Germany’s strength doesn’t protect from Moody’s downgrade
Share Now on:
Jeff Horwich: Moody’s Investors Service has lowered the outlook for the credit ratings of three of Europe’s strongest economies: Luxembourg, the Netherlands and Germany. It’s part of a busy day in Europe that has investors on-edge — markets there are barely moving.
For more, the BBC’s Steve Evans is with me from Berlin. Hello, Steve.
Steve Evans: Good morning to you.
Horwich: So Steve, we’re always hearing that Germany is in the best shape of anybody around — why would they be downgraded by Moody’s?
Evans: In a way, they look like they may well be downgraded just because of their strength. In other words, Germany would pick up the bill if there’s a default by Greece, for example, and Moody’s is recognizing that it’s Germany which would pick up the tab.
Horwich: German and Spanish ministers are meeting in Germany today. What’s on the table for them?
Evans: Well clearly the crisis. The general idea was that the bailout of the Spanish banks — what was it, three weeks ago — was meant to be an end of the matter. But it’s a little bit like if you throw a bit of red meat at a ravenous beast, the danger is they get a taste for more. So the markets seem to be saying there will be more needed therefore, the signals needs to be sent there will be more to come.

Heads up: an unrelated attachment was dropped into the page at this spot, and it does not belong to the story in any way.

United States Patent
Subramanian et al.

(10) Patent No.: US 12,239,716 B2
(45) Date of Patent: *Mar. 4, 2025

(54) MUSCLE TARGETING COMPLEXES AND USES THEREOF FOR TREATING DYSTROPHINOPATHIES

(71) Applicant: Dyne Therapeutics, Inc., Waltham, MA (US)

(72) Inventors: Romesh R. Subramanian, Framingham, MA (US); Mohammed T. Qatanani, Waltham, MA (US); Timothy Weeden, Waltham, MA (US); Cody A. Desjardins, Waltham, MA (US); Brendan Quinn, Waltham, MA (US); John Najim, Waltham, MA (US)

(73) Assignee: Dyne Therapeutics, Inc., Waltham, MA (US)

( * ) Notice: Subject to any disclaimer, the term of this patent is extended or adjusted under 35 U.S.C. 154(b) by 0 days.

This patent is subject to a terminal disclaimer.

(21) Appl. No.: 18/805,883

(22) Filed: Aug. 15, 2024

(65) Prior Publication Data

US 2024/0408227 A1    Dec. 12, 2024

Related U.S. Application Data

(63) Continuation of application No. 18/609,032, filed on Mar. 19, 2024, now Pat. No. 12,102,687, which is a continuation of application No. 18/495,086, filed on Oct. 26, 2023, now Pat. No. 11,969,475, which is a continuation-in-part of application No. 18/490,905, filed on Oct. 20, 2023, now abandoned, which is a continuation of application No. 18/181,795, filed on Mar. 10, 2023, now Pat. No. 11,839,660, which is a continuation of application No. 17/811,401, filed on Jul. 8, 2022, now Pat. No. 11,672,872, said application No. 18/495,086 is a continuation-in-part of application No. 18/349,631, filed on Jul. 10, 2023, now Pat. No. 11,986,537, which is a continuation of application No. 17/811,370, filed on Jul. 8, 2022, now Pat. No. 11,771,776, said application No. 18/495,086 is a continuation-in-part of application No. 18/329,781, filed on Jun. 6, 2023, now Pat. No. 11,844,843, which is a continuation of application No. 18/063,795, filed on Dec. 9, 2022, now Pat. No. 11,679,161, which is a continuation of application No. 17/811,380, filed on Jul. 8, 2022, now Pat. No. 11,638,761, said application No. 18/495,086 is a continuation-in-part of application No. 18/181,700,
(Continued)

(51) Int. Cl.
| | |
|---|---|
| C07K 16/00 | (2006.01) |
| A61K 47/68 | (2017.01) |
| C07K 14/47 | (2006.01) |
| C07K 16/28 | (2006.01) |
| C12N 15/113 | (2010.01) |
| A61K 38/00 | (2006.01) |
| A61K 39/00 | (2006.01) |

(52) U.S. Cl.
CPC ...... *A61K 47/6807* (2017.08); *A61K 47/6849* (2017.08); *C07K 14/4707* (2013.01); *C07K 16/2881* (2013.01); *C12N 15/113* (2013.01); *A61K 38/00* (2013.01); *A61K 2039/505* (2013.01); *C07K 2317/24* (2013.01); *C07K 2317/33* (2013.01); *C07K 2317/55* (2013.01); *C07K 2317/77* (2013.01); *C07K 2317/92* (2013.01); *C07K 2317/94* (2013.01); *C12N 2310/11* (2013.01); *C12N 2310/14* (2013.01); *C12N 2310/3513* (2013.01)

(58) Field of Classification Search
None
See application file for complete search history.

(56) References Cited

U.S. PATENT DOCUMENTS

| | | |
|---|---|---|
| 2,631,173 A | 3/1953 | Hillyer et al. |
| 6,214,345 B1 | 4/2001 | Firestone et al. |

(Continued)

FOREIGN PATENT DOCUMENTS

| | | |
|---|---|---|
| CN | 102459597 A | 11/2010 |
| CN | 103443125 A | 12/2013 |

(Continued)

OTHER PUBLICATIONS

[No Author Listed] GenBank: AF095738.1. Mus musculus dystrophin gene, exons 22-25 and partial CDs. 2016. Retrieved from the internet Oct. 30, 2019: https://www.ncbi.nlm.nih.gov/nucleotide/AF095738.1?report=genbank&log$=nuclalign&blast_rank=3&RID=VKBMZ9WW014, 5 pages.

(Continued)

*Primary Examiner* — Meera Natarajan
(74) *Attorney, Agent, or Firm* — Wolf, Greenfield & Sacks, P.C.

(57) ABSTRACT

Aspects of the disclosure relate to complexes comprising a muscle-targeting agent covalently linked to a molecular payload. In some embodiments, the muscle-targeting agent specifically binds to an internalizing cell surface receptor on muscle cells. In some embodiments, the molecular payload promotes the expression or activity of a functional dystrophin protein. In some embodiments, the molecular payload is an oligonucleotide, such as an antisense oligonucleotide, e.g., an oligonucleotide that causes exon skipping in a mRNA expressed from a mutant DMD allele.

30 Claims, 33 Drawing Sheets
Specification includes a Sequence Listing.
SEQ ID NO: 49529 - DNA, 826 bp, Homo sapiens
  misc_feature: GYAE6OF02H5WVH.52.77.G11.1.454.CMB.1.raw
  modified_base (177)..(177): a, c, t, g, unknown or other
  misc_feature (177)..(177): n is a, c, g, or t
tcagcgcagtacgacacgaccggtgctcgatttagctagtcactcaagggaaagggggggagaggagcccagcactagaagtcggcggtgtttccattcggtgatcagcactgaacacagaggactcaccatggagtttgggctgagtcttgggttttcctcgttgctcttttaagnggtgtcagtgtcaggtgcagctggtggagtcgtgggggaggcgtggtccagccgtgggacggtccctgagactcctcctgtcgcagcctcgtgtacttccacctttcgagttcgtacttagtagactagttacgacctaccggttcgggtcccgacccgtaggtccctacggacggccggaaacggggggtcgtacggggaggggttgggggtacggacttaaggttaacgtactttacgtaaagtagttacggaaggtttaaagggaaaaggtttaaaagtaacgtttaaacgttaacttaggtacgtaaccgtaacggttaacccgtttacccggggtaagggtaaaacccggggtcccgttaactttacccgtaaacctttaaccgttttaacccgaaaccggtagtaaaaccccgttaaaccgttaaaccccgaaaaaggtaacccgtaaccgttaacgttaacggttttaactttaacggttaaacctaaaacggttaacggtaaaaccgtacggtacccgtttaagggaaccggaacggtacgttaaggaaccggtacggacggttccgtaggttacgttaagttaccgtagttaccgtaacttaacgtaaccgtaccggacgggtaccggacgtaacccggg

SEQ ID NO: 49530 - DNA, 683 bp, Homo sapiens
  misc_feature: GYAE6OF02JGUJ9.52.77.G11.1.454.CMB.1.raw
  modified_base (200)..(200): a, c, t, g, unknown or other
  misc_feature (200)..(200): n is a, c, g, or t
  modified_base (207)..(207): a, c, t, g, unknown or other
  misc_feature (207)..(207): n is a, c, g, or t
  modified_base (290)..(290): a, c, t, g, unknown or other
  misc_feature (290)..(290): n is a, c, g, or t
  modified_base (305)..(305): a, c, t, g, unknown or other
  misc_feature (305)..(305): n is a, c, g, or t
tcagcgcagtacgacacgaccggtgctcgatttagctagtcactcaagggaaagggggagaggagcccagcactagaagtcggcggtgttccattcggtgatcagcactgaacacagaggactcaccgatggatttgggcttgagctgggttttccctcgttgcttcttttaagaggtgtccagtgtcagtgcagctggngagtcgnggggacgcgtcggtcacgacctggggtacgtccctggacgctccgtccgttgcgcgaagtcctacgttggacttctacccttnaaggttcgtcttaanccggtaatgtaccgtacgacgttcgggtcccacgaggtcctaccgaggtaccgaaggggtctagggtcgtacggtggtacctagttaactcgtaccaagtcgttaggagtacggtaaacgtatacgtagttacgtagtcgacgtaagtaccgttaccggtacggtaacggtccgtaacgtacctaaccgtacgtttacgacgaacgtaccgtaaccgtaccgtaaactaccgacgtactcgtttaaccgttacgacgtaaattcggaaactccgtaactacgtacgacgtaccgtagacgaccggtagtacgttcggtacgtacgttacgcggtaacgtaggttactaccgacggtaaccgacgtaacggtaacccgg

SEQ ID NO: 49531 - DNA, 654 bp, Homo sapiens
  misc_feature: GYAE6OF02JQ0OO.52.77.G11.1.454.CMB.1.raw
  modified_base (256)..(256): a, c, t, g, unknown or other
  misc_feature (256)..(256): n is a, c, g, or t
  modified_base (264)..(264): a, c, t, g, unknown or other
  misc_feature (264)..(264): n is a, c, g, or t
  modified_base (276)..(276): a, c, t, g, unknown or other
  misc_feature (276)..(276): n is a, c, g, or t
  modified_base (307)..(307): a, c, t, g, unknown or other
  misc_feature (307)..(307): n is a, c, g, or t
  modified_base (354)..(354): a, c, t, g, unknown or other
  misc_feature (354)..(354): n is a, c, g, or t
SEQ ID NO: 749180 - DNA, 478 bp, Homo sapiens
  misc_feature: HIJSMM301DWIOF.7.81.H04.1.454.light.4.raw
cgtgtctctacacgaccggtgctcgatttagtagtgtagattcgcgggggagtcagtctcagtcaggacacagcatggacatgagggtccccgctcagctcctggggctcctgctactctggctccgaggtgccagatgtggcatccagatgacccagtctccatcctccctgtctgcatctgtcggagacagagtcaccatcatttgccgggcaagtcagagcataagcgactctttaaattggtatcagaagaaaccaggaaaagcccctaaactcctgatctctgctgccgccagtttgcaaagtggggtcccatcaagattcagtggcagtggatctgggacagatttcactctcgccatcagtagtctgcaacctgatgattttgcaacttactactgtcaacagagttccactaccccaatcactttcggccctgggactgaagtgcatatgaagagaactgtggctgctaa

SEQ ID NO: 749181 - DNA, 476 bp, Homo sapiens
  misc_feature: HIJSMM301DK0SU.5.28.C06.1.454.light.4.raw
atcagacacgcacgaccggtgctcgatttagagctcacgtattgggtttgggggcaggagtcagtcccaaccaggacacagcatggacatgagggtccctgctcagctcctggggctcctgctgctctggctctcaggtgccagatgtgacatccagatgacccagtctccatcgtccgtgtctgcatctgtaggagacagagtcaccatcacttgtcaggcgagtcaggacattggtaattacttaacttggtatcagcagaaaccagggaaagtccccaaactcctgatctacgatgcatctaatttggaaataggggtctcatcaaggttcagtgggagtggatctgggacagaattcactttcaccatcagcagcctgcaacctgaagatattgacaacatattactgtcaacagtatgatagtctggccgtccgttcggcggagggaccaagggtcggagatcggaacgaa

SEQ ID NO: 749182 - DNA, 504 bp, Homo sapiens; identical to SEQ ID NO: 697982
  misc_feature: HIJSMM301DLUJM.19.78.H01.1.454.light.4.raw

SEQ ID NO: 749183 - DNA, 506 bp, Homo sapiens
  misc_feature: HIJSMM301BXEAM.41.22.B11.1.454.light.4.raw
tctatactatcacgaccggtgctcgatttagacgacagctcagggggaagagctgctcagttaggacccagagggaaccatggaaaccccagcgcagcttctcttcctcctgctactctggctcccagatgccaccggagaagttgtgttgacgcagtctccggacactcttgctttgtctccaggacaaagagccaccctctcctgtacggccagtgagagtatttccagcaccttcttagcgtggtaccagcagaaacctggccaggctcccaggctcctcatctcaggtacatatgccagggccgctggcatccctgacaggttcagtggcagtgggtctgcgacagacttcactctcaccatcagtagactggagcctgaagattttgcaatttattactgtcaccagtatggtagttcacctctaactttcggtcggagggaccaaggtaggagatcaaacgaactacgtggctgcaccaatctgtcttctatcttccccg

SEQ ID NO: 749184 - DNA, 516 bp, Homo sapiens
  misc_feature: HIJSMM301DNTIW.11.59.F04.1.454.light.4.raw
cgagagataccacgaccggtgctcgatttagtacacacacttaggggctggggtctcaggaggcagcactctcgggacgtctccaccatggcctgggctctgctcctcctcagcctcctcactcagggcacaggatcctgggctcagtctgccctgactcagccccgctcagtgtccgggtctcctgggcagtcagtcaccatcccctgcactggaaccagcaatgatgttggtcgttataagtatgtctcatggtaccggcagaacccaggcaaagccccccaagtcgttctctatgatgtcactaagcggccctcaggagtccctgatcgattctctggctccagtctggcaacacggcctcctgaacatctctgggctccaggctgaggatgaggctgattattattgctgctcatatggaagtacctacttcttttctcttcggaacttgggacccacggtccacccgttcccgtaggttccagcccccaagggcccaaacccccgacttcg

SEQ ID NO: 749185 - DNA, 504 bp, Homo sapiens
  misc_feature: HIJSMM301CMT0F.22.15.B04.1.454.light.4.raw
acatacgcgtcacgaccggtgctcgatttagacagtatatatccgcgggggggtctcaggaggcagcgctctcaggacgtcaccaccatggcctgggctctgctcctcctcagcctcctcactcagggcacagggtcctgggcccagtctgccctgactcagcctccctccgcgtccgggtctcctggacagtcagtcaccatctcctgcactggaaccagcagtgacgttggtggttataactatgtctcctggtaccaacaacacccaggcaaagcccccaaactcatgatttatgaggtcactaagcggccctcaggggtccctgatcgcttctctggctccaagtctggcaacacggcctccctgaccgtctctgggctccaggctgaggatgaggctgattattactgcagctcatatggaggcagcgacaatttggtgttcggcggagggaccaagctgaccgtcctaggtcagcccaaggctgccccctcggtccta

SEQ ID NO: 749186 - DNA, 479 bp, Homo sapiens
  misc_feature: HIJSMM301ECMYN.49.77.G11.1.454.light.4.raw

Horwich: The Troika — which is the EU, IMF and representatives of the European Central Bank — are headed to Greece today, already there I presume, what do they need to hear from the Greek government?
Evans: What they need to hear is: Everything’s on track; therefore go away happy. But all the signs are they are actually saying, behind the scenes: We need more time. And the difficulty with that is the German people are not minded to give Greece more time or more money. There is a view in the German government that would be manageable — Greece leaving the euro; that’s not a universal view.
Horwich: And hence, that brings us full circle, back to that downgrade we began talking about. The BBC Steven Evans in Berlin, thank you very much.
Evans: You’re welcome.
As a nonprofit news organization, our future depends on listeners like you who believe in the power of public service journalism.
Your investment in Marketplace helps us remain paywall-free and ensures everyone has access to trustworthy, unbiased news and information, regardless of their ability to pay.
Donate today — in any amount — to become a Marketplace Investor. Now more than ever, your commitment makes a difference.
Thanks to our
Your support keeps us going strong, even through